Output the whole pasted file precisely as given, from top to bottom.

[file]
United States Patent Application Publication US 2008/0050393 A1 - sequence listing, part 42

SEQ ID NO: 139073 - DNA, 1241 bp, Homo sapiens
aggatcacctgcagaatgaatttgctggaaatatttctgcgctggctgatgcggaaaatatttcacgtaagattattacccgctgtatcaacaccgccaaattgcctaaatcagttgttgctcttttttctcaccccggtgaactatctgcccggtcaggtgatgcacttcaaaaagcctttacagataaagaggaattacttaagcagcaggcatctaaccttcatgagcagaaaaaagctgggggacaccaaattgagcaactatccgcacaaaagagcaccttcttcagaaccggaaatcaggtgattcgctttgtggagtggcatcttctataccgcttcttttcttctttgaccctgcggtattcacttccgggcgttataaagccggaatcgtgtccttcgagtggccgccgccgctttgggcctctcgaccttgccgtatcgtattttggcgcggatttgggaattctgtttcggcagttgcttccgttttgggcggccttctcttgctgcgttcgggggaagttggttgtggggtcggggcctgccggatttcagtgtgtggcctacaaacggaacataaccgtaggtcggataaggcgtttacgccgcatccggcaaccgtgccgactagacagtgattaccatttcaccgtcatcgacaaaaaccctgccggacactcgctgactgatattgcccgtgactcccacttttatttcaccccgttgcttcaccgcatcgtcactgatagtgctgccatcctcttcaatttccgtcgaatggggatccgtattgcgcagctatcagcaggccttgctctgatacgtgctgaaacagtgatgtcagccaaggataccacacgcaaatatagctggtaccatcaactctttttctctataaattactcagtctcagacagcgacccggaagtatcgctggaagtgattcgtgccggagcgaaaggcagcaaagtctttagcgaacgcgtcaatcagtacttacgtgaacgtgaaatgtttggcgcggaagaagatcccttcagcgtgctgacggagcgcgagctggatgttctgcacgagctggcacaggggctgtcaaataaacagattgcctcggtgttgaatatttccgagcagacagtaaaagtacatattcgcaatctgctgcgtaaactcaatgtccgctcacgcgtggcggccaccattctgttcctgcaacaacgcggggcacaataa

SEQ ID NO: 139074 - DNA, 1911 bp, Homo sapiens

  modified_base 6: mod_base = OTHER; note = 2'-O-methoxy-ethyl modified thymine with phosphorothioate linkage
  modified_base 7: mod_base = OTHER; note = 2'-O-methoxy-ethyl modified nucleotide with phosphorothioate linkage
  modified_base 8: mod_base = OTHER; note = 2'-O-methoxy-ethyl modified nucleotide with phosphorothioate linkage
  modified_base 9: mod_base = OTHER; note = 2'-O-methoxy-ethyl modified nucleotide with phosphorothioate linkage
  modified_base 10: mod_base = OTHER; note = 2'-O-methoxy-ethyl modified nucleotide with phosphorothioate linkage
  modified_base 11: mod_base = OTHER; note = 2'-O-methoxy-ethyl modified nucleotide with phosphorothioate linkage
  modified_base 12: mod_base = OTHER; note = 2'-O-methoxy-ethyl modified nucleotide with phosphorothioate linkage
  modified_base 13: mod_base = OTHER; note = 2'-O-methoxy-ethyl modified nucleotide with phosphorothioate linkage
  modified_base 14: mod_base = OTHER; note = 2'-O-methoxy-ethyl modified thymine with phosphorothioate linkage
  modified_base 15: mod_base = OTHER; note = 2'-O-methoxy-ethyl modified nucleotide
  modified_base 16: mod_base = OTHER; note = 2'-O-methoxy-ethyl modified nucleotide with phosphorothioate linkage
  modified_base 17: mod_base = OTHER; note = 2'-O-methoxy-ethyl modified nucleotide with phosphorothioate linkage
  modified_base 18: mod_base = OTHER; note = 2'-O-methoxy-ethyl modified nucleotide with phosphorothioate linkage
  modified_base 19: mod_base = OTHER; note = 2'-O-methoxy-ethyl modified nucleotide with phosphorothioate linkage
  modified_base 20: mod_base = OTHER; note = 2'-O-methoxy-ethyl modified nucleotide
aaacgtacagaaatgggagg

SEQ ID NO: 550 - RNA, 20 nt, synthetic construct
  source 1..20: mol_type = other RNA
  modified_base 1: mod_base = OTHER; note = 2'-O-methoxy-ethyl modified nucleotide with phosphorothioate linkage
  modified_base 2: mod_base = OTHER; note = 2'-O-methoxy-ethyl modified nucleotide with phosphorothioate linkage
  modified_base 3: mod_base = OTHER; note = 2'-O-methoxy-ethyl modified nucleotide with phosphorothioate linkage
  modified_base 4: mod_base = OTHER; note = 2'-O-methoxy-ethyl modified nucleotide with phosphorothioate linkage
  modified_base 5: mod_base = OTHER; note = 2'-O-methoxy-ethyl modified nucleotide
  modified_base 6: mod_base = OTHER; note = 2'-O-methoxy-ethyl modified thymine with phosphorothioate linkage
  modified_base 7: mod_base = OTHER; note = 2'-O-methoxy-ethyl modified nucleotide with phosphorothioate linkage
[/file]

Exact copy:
United States Patent Application Publication US 2008/0050393 A1 - sequence listing, part 42

SEQ ID NO: 139073 - DNA, 1241 bp, Homo sapiens
aggatcacctgcagaatgaatttgctggaaatatttctgcgctggctgatgcggaaaatatttcacgtaagattattacccgctgtatcaacaccgccaaattgcctaaatcagttgttgctcttttttctcaccccggtgaactatctgcccggtcaggtgatgcacttcaaaaagcctttacagataaagaggaattacttaagcagcaggcatctaaccttcatgagcagaaaaaagctgggggacaccaaattgagcaactatccgcacaaaagagcaccttcttcagaaccggaaatcaggtgattcgctttgtggagtggcatcttctataccgcttcttttcttctttgaccctgcggtattcacttccgggcgttataaagccggaatcgtgtccttcgagtggccgccgccgctttgggcctctcgaccttgccgtatcgtattttggcgcggatttgggaattctgtttcggcagttgcttccgttttgggcggccttctcttgctgcgttcgggggaagttggttgtggggtcggggcctgccggatttcagtgtgtggcctacaaacggaacataaccgtaggtcggataaggcgtttacgccgcatccggcaaccgtgccgactagacagtgattaccatttcaccgtcatcgacaaaaaccctgccggacactcgctgactgatattgcccgtgactcccacttttatttcaccccgttgcttcaccgcatcgtcactgatagtgctgccatcctcttcaatttccgtcgaatggggatccgtattgcgcagctatcagcaggccttgctctgatacgtgctgaaacagtgatgtcagccaaggataccacacgcaaatatagctggtaccatcaactctttttctctataaattactcagtctcagacagcgacccggaagtatcgctggaagtgattcgtgccggagcgaaaggcagcaaagtctttagcgaacgcgtcaatcagtacttacgtgaacgtgaaatgtttggcgcggaagaagatcccttcagcgtgctgacggagcgcgagctggatgttctgcacgagctggcacaggggctgtcaaataaacagattgcctcggtgttgaatatttccgagcagacagtaaaagtacatattcgcaatctgctgcgtaaactcaatgtccgctcacgcgtggcggccaccattctgttcctgcaacaacgcggggcacaataa

SEQ ID NO: 139074 - DNA, 1911 bp, Homo sapiens

  modified_base 6: mod_base = OTHER; note = 2'-O-methoxy-ethyl modified thymine with phosphorothioate linkage
  modified_base 7: mod_base = OTHER; note = 2'-O-methoxy-ethyl modified nucleotide with phosphorothioate linkage
  modified_base 8: mod_base = OTHER; note = 2'-O-methoxy-ethyl modified nucleotide with phosphorothioate linkage
  modified_base 9: mod_base = OTHER; note = 2'-O-methoxy-ethyl modified nucleotide with phosphorothioate linkage
  modified_base 10: mod_base = OTHER; note = 2'-O-methoxy-ethyl modified nucleotide with phosphorothioate linkage
  modified_base 11: mod_base = OTHER; note = 2'-O-methoxy-ethyl modified nucleotide with phosphorothioate linkage
  modified_base 12: mod_base = OTHER; note = 2'-O-methoxy-ethyl modified nucleotide with phosphorothioate linkage
  modified_base 13: mod_base = OTHER; note = 2'-O-methoxy-ethyl modified nucleotide with phosphorothioate linkage
  modified_base 14: mod_base = OTHER; note = 2'-O-methoxy-ethyl modified thymine with phosphorothioate linkage
  modified_base 15: mod_base = OTHER; note = 2'-O-methoxy-ethyl modified nucleotide
  modified_base 16: mod_base = OTHER; note = 2'-O-methoxy-ethyl modified nucleotide with phosphorothioate linkage
  modified_base 17: mod_base = OTHER; note = 2'-O-methoxy-ethyl modified nucleotide with phosphorothioate linkage
  modified_base 18: mod_base = OTHER; note = 2'-O-methoxy-ethyl modified nucleotide with phosphorothioate linkage
  modified_base 19: mod_base = OTHER; note = 2'-O-methoxy-ethyl modified nucleotide with phosphorothioate linkage
  modified_base 20: mod_base = OTHER; note = 2'-O-methoxy-ethyl modified nucleotide
aaacgtacagaaatgggagg

SEQ ID NO: 550 - RNA, 20 nt, synthetic construct
  source 1..20: mol_type = other RNA
  modified_base 1: mod_base = OTHER; note = 2'-O-methoxy-ethyl modified nucleotide with phosphorothioate linkage
  modified_base 2: mod_base = OTHER; note = 2'-O-methoxy-ethyl modified nucleotide with phosphorothioate linkage
  modified_base 3: mod_base = OTHER; note = 2'-O-methoxy-ethyl modified nucleotide with phosphorothioate linkage
  modified_base 4: mod_base = OTHER; note = 2'-O-methoxy-ethyl modified nucleotide with phosphorothioate linkage
  modified_base 5: mod_base = OTHER; note = 2'-O-methoxy-ethyl modified nucleotide
  modified_base 6: mod_base = OTHER; note = 2'-O-methoxy-ethyl modified thymine with phosphorothioate linkage
  modified_base 7: mod_base = OTHER; note = 2'-O-methoxy-ethyl modified nucleotide with phosphorothioate linkage